Coronal T2 magnetic resonance image showing inferiorly displaced meniscal fragment with downward curved “comma” appearance (arrow) (A). Arthroscopic image showing the inferiorly displaced meniscal fragment within the meniscotibial recess (B).
Sagittal T2 magnetic resonance image showing the inferiorly displaced meniscal fragment (arrow).
Arthroscopic image showing the displaced meniscal fragment after reduction onto the joint surface with the probe.
Arthroscopic image after partial meniscectomy of the previously displaced tissue.
When searching their institution's knee MRI database from 2008 to 2012, the authors identified 4872 knees with a medial meniscal tear. Of these, 100 (2.1%) knees were found to have a meniscal comma sign. All MRIs with the comment “displaced fragment in meniscotibial recess” were secondarily reviewed to ensure that they met the radiographic criteria of a meniscal comma sign. Three patients were excluded because only MRI reports, not actual MRIs, were available. Of the remaining 97 patients, 9 (9.3%) had normal articular cartilage, 5 (5.1%) had grade 1 chondrosis, 15 (15.5%) had grade 2 chondrosis, 27 (27.8%) had grade 3 chondrosis, and 41 (42.3%) had grade 4 chondrosis.
The authors have identified a previously undescribed radiological finding that they call the meniscal comma sign. It represents an inferiorly displaced parrot beak flap tear of the medial meniscus that has become rolled underneath the meniscus, pushed inferiorly, and wedged between the tibial plateau and the medical collateral ligament. This tear pattern may be misinterpreted on MRI, potentially leading to a delay in treatment, because many of these patients also have cartilage loss due to superimposed osteoarthritis. In this study, 88 (90.7%) of 97 patients with a meniscal comma sign had an associated chondral defect. Furthermore, more than 70% of the patients in this study with this finding had grade 3 or 4 medial compartment chondral defects. Lewandrowski et al8 reported that 821 (76.3%) of 1076 patients with a medial meniscal tear were found to have an associated chondral defect. Therefore, patients with a meniscal comma sign may have an increased prevalence of osteoarthritis. Patients who present with a meniscal comma sign benefit from surgical treatment that removes the offending flap tenting the deep medial collateral ligament fibers. Because of the complex nature of the tear, its location in the nonvascular region of the meniscus, and the potential for the flap to revert back to its displaced configuration, the authors have favored the use of partial meniscectomy with the intent to remove the parrot beak flap and contour the remaining meniscus while preserving as much unaffected tissue as possible. Tears within 2 to 4 mm of the meniscal vascular rim are considered to be good candidates for repair.1,9 However, individuals displaying the meniscal comma sign typically exhibit complex tears of the nonvascular “white zone,” for which partial meniscectomy is preferred.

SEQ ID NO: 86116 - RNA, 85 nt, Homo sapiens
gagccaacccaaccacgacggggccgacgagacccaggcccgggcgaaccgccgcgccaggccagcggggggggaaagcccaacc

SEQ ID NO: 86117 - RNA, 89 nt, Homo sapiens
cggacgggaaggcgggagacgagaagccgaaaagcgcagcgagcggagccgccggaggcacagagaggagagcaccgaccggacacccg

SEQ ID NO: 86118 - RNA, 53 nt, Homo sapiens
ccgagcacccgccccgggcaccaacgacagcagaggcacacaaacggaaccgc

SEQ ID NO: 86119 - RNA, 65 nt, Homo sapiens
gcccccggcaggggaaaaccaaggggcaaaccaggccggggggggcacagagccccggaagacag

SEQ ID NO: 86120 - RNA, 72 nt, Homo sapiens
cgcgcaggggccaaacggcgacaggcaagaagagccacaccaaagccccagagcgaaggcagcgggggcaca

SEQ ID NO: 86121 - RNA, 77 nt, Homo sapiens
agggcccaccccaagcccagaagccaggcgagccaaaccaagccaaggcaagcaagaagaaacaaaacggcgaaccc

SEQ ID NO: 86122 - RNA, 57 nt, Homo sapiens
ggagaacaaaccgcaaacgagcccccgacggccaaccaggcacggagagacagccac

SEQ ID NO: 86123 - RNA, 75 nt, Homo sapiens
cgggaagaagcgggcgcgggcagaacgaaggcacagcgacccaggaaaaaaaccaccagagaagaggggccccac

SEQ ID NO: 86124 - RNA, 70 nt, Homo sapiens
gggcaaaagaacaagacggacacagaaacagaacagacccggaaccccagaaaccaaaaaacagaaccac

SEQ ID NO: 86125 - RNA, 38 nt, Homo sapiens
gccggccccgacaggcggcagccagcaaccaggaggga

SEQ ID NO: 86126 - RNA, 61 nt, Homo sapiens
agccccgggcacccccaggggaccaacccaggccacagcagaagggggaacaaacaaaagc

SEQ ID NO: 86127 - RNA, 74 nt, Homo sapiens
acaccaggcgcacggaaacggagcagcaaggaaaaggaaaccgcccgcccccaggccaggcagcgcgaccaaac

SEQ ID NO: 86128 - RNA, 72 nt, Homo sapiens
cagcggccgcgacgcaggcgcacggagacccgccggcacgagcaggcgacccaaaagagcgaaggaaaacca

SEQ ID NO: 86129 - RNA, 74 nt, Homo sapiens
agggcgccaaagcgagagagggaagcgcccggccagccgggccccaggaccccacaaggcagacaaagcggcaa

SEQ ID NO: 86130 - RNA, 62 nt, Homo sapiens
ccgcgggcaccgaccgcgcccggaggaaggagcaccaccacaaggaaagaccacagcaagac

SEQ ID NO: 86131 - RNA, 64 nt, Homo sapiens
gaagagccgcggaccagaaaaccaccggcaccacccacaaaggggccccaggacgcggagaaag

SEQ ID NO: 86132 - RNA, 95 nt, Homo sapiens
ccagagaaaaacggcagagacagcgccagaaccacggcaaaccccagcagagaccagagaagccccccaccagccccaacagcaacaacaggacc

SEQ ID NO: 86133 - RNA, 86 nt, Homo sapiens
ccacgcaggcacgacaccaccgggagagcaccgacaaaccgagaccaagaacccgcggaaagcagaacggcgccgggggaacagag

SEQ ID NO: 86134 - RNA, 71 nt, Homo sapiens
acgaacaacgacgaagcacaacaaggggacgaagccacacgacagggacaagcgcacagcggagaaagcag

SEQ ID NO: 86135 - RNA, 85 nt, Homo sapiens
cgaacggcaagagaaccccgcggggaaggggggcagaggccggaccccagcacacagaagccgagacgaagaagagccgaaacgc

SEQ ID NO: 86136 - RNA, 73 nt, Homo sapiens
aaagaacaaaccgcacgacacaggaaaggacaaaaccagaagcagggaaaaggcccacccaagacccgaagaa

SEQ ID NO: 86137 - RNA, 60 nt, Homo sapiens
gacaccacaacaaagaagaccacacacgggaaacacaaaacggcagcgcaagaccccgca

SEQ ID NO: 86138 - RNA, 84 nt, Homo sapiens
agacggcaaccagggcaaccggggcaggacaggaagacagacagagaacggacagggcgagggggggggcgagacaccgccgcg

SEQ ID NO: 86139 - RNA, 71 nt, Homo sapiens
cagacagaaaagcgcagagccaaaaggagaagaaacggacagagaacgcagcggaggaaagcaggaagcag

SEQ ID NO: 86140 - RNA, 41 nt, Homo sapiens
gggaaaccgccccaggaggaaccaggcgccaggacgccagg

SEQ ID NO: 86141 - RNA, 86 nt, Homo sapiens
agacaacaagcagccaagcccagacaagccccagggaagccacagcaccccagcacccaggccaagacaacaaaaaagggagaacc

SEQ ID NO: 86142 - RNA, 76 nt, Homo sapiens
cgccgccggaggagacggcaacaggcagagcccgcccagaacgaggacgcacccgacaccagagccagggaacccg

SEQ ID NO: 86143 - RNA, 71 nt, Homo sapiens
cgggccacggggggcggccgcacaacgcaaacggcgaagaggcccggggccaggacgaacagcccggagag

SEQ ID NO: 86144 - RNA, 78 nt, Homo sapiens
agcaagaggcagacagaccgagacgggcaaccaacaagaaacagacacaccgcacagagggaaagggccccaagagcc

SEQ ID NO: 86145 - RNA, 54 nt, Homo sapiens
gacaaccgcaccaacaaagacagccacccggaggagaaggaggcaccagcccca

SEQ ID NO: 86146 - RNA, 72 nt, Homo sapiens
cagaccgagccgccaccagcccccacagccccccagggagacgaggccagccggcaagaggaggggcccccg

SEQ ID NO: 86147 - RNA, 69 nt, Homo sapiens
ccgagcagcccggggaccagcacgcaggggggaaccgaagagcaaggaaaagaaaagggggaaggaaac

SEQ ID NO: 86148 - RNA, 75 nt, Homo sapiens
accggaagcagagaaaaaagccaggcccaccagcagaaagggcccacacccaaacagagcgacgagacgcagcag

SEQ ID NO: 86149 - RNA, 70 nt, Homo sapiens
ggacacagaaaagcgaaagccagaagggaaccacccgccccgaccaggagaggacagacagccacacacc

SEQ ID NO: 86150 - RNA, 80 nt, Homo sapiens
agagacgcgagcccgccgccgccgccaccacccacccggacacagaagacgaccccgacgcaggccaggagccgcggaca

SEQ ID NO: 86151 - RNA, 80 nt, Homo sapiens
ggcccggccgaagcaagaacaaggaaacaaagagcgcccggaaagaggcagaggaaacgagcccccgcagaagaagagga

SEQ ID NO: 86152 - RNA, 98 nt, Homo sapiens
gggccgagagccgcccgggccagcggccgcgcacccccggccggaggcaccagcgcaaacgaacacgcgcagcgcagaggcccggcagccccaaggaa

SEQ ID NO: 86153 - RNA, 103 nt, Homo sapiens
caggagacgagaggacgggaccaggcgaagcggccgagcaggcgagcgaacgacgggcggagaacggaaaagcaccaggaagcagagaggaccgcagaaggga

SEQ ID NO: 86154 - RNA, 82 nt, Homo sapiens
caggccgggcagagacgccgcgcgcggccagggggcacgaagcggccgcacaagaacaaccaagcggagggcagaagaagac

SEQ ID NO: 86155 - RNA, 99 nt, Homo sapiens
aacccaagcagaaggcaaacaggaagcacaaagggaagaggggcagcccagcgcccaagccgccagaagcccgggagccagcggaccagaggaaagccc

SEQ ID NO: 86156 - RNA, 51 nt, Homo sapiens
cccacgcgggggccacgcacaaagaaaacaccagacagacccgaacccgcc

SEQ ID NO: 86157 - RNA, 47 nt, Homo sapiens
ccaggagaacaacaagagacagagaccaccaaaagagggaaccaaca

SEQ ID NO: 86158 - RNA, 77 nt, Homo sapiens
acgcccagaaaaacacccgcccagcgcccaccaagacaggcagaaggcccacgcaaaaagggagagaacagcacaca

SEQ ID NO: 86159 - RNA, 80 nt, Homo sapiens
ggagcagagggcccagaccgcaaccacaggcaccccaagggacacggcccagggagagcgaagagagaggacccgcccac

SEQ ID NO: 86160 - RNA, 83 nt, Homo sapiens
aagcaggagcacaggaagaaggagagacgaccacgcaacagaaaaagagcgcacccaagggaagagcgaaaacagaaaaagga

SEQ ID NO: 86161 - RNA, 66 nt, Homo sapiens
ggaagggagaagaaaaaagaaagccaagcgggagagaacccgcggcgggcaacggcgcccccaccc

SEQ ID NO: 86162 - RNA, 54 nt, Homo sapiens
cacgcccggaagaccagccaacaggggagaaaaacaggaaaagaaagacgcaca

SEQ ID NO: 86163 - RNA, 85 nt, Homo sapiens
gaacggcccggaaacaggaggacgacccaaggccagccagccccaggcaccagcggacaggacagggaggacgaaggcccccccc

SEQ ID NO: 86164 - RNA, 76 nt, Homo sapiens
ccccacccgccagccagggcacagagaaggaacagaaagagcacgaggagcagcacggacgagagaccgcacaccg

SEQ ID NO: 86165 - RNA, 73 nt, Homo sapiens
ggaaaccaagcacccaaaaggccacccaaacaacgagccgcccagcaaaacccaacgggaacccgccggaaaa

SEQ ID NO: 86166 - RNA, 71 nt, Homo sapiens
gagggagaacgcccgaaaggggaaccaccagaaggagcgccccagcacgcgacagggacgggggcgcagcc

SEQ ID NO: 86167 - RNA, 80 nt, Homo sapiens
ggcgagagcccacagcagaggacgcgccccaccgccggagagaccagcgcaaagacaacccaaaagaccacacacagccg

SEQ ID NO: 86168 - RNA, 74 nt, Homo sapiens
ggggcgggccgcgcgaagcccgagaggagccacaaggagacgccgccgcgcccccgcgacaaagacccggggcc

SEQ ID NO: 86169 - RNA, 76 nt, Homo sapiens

Descriptions of horizontal flap tears that have become displaced inferiorly or superiorly exist in the literature.6,10 However, the descriptions do not provide the incidence of osteoarthritis associated with these findings. Although a displaced horizontal flap tear may be missed more easily than a displaced parrot beak flap tear on arthroscopy, the latter might lead to a higher risk of chondral damage and therefore plays an important role in the decision regarding operative vs nonoperative treatment of degenerative meniscal lesions.
Patients who present with the meniscal comma sign and undergo surgery to remove the displaced parrot beak flap may experience a significant reduction in pain even if underlying osteoarthritis is present. Further research is warranted to validate these results in this unique patient population presenting with these characteristic imaging findings.